If like Japan, cities want to encourage further tourism without damaging the integrity of their destination, a solution has to be found. Encouraging private ownership and use of empty homes by permitting regulated short term rentals seems like a solution that can do this. It puts ownership of property, and in turn the cities, back in the hands of the residents. Vacation rentals then encourage people to live in similar rhythms and patterns of residents. You live amongst the city, shop where people shop, go where they go. You are not buffeted through the corners in a tour. The natural flow of the city pushes you in new directions and each property has a different stream meaning the visitors are dispersed more equally around the city.
The current model of hotels funnels huge numbers of people into and city and focuses their impact onto the city whilst the profits are distilled to a laser, that reaches a handful of corporations. The vacation rental model is the inverse. The visitors and the benefits are spread over, like a fine mist. Enough to notice, but not disrupt the natural operation of a city and the people that live there.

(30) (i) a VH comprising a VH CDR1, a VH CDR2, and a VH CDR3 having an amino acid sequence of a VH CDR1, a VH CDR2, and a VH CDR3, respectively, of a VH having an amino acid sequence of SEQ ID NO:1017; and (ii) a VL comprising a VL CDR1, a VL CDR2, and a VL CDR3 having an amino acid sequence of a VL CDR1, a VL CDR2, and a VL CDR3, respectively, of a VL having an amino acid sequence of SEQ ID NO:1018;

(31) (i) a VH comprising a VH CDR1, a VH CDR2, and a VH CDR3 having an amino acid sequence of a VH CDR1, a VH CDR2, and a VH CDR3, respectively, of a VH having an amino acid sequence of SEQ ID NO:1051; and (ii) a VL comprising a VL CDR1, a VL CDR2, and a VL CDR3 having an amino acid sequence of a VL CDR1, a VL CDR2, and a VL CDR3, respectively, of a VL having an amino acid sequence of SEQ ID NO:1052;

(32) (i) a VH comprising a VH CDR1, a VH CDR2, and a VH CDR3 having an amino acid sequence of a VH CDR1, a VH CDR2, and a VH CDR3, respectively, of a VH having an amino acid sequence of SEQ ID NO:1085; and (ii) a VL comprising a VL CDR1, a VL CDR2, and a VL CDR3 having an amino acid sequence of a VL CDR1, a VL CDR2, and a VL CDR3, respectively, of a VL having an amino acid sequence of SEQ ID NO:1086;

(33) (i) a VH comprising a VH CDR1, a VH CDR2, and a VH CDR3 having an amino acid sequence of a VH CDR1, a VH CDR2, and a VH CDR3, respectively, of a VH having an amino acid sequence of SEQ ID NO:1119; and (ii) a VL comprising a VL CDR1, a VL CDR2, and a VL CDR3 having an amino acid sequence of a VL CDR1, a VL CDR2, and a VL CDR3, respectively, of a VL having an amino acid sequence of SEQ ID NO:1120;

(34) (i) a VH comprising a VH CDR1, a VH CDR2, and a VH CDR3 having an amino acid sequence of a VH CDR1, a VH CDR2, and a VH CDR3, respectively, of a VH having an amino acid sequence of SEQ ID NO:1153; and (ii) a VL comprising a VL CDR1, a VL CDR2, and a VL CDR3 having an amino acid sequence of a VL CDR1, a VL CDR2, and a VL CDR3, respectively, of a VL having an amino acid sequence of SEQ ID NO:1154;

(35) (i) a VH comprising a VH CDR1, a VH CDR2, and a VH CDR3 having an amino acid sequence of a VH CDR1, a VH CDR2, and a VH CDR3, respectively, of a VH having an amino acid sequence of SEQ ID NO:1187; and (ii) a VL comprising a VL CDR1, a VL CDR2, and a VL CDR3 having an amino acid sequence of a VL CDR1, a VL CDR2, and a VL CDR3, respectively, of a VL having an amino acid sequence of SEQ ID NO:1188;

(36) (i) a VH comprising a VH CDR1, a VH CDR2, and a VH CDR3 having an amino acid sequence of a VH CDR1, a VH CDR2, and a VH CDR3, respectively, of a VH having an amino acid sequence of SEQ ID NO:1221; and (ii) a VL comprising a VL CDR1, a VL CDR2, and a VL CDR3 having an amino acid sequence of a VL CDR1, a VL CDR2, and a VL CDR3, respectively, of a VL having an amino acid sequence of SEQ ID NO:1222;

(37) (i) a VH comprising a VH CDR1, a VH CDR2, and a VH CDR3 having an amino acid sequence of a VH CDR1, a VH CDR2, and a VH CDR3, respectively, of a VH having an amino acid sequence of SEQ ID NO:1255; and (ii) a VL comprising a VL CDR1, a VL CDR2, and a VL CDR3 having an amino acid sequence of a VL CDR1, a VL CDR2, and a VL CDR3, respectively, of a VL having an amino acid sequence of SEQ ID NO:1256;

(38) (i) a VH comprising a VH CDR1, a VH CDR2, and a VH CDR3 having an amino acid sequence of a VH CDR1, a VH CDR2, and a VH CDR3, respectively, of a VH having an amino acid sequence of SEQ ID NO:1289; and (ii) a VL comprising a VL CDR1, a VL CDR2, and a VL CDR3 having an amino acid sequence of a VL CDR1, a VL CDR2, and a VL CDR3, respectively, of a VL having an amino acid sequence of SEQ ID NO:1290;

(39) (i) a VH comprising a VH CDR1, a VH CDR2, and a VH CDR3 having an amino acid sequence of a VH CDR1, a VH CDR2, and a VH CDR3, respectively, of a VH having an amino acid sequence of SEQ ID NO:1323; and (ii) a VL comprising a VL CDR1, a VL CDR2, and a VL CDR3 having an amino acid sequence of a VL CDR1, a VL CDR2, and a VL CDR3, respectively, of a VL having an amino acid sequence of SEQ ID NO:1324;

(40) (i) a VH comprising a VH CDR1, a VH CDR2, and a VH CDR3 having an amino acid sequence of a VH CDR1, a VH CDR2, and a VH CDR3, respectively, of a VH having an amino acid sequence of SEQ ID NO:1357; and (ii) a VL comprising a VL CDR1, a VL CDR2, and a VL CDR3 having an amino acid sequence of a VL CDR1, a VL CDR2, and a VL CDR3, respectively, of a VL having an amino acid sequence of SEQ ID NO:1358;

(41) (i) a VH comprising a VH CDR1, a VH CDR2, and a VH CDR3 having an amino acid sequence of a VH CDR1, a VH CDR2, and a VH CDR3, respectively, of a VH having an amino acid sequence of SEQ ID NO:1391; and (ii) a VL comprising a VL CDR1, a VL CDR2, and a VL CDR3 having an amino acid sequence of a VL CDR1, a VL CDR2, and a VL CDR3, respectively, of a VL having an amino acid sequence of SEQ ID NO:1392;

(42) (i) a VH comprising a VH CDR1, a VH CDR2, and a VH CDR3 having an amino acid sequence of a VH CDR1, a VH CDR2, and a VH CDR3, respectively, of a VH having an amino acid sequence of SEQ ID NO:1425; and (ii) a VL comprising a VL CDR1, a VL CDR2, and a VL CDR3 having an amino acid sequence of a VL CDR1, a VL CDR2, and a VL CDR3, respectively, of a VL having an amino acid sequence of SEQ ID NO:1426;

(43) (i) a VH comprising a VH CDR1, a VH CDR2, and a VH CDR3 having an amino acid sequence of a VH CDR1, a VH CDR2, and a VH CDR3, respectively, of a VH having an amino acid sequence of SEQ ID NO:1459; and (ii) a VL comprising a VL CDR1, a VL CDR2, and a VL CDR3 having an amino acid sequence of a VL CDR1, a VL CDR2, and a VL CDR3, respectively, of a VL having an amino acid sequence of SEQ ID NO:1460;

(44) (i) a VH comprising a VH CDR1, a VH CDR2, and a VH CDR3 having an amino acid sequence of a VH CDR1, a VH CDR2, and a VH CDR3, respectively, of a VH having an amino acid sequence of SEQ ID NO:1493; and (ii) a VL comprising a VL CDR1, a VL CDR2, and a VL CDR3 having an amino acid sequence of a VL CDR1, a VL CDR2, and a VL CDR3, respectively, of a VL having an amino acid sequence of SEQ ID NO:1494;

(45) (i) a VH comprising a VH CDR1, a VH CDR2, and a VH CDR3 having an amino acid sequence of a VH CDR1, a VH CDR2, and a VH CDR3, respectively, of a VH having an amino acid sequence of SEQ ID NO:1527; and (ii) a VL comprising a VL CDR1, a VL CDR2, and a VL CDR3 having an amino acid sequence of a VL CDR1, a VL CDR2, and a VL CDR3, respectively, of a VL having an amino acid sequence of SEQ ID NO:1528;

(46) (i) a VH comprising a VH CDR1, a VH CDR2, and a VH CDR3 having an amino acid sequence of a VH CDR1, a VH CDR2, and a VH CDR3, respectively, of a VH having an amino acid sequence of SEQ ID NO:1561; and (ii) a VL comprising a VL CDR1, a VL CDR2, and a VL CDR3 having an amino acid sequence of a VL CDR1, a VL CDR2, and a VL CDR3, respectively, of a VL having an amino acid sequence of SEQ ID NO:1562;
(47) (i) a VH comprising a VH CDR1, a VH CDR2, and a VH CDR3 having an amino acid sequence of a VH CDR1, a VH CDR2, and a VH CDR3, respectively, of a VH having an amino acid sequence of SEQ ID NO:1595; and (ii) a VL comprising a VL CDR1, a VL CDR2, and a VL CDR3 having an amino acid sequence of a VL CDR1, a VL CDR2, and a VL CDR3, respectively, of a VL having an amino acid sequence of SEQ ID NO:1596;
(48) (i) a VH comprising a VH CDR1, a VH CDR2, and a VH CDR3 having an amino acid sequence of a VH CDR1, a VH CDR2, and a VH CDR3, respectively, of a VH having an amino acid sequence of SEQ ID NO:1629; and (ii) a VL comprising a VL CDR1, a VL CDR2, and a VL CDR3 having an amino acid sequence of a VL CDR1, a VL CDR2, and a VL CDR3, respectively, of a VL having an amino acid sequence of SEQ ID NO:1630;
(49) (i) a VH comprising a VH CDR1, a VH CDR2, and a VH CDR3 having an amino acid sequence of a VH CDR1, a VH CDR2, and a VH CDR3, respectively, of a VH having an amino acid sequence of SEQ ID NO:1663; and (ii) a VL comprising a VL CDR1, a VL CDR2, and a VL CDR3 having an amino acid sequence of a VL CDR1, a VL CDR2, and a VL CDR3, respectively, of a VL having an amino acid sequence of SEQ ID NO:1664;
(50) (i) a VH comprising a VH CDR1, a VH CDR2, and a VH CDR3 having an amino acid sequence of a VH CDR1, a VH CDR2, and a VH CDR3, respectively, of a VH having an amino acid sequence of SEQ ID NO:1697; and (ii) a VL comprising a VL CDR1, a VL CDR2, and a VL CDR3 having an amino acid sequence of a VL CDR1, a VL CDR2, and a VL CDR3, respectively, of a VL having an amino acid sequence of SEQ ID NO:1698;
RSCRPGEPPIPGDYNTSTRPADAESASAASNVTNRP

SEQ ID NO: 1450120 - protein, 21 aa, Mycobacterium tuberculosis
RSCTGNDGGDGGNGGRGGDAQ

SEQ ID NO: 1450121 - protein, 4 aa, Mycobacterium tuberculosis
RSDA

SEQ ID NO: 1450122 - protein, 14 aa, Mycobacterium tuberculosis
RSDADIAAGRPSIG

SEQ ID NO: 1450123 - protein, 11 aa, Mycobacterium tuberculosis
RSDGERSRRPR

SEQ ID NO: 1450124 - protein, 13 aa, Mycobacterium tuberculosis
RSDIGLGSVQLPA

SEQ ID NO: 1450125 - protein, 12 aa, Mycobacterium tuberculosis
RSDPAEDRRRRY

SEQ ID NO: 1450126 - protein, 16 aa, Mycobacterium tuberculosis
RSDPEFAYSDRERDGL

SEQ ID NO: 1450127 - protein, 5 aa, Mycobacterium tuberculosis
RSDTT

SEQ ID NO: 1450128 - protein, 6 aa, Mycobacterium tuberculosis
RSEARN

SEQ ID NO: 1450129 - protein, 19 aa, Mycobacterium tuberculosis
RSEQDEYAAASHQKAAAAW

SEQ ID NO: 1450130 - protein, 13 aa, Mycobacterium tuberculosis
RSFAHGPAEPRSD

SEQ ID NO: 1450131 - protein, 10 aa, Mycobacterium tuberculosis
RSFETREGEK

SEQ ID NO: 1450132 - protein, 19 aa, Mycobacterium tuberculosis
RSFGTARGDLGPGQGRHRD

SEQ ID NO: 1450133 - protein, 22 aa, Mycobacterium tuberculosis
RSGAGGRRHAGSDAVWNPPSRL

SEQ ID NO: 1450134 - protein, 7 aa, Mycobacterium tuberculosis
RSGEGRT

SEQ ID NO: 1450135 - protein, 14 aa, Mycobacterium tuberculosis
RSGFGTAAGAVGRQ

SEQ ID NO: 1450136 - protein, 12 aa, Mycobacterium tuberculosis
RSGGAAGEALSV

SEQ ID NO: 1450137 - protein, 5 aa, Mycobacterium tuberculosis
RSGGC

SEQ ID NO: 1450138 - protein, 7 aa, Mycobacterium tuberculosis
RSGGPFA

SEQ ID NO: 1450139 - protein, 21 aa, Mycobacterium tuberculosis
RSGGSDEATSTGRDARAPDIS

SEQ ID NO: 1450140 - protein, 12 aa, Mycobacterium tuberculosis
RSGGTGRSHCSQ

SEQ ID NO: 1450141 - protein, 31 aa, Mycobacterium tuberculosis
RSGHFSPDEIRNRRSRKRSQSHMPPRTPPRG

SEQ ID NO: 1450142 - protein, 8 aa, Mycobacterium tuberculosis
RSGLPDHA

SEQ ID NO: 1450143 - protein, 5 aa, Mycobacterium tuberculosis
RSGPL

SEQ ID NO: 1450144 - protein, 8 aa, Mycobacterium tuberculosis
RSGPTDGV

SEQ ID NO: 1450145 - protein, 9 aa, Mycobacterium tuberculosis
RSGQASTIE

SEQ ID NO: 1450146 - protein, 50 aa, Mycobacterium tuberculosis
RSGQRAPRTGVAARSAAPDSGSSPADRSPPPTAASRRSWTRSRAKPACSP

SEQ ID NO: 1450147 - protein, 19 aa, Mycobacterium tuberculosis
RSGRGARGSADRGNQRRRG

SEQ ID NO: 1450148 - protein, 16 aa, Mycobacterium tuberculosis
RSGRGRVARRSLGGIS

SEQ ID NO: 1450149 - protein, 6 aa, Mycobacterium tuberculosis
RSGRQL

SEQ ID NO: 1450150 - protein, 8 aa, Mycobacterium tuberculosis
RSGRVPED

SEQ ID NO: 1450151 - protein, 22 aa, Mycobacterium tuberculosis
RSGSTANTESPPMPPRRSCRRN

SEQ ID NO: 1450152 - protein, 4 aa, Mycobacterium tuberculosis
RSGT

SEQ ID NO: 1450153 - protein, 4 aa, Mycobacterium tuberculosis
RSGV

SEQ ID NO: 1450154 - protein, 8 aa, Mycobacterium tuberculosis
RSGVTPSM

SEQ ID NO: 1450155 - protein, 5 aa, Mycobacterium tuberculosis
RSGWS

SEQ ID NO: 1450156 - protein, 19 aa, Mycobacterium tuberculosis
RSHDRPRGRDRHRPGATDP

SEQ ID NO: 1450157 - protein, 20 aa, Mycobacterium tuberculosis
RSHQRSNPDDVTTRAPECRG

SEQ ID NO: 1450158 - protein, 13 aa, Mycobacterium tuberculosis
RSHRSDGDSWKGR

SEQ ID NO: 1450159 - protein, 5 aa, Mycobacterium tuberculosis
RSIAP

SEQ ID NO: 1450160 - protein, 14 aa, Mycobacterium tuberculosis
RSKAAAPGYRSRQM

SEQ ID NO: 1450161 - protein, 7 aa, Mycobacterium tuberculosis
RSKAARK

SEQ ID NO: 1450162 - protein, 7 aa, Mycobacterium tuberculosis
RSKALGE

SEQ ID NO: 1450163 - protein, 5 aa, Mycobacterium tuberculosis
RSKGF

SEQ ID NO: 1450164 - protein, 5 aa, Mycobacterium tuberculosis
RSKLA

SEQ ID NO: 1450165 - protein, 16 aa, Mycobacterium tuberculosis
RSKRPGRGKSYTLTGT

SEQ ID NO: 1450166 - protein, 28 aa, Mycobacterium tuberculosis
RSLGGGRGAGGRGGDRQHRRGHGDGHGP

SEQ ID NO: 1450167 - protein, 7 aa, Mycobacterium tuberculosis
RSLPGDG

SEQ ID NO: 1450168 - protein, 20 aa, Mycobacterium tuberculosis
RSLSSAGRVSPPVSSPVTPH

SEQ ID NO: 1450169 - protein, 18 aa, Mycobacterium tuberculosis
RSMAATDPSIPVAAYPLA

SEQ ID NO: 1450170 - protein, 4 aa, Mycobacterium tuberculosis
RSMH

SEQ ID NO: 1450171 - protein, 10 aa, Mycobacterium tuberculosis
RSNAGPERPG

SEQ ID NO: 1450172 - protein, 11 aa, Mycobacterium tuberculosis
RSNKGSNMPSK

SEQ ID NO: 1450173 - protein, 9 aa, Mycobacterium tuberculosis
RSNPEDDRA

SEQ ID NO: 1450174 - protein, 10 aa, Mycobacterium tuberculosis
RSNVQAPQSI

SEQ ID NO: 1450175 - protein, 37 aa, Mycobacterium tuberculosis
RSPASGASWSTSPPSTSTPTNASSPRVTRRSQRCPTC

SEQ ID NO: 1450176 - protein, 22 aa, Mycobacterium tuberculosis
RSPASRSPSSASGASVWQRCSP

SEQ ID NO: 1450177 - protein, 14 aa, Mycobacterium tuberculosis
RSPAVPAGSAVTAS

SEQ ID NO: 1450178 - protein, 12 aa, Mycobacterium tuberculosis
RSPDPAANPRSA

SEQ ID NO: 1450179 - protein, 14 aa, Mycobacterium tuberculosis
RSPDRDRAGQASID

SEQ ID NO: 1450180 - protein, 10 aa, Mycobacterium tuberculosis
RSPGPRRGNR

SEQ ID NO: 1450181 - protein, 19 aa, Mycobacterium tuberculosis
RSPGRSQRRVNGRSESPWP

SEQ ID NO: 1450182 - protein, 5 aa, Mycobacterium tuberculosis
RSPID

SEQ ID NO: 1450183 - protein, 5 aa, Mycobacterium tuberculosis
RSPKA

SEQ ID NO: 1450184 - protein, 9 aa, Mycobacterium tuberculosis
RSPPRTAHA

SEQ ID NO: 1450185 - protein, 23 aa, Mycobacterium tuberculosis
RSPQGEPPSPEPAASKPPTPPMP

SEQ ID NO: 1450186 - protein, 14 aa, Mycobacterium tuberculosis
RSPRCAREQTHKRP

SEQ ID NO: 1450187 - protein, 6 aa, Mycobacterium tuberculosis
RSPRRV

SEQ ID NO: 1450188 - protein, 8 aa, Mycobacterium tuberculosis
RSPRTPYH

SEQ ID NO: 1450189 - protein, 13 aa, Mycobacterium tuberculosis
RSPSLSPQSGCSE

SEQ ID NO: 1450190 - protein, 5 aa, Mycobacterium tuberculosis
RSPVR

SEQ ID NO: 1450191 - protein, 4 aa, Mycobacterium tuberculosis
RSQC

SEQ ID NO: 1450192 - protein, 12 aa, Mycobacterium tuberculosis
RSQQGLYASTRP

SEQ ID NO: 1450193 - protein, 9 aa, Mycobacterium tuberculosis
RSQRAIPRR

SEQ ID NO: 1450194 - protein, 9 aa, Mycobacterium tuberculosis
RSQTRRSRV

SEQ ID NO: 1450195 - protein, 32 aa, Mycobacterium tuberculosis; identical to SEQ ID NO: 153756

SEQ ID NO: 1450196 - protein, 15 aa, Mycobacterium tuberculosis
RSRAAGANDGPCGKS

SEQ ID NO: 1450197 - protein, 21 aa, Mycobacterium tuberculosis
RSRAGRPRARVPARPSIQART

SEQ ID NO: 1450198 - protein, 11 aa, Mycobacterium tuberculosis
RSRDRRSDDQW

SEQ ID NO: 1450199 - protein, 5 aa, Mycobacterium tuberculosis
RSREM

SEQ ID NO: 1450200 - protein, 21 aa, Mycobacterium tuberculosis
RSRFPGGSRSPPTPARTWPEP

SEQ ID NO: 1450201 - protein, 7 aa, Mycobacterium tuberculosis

This is what Japan is debating. Whether they can solve two problems at once.
Part of Japan’s strategy involves encouraging tourism into more rural areas. Without using empty housing and allowing people to open their homes to short term rentals, it seems difficult to imagine that hotels will gamble on building new outposts in areas previously untouched by tourism.
Permitting vacation rentals requires minimal investment. The properties are built. The people are ready and have the means to reach to their prospective guests. There is even a national database that lists rural properties at dramatically reduced rates. If people know that they have the option to supplement their income by using the value of their property it will help lead to a higher rate of home-ownership and fewer properties standing empty as money and natural resources are expended in order to build more lodging options for tourists.
The next point that empty housing brings up is that the areas where these properties sit have been built to cope with having people reside in them. Renting out a vacation property means that the occupancy levels remains in line with the original estimations. Not only is the local infrastructure designed to cope with these occupancy levels, local businesses rely on it. By allowing short term rentals, you are not stuffing in an extra layer of population that the people below are force to support, you are keeping occupancy at the levels that keep an area, and businesses thriving.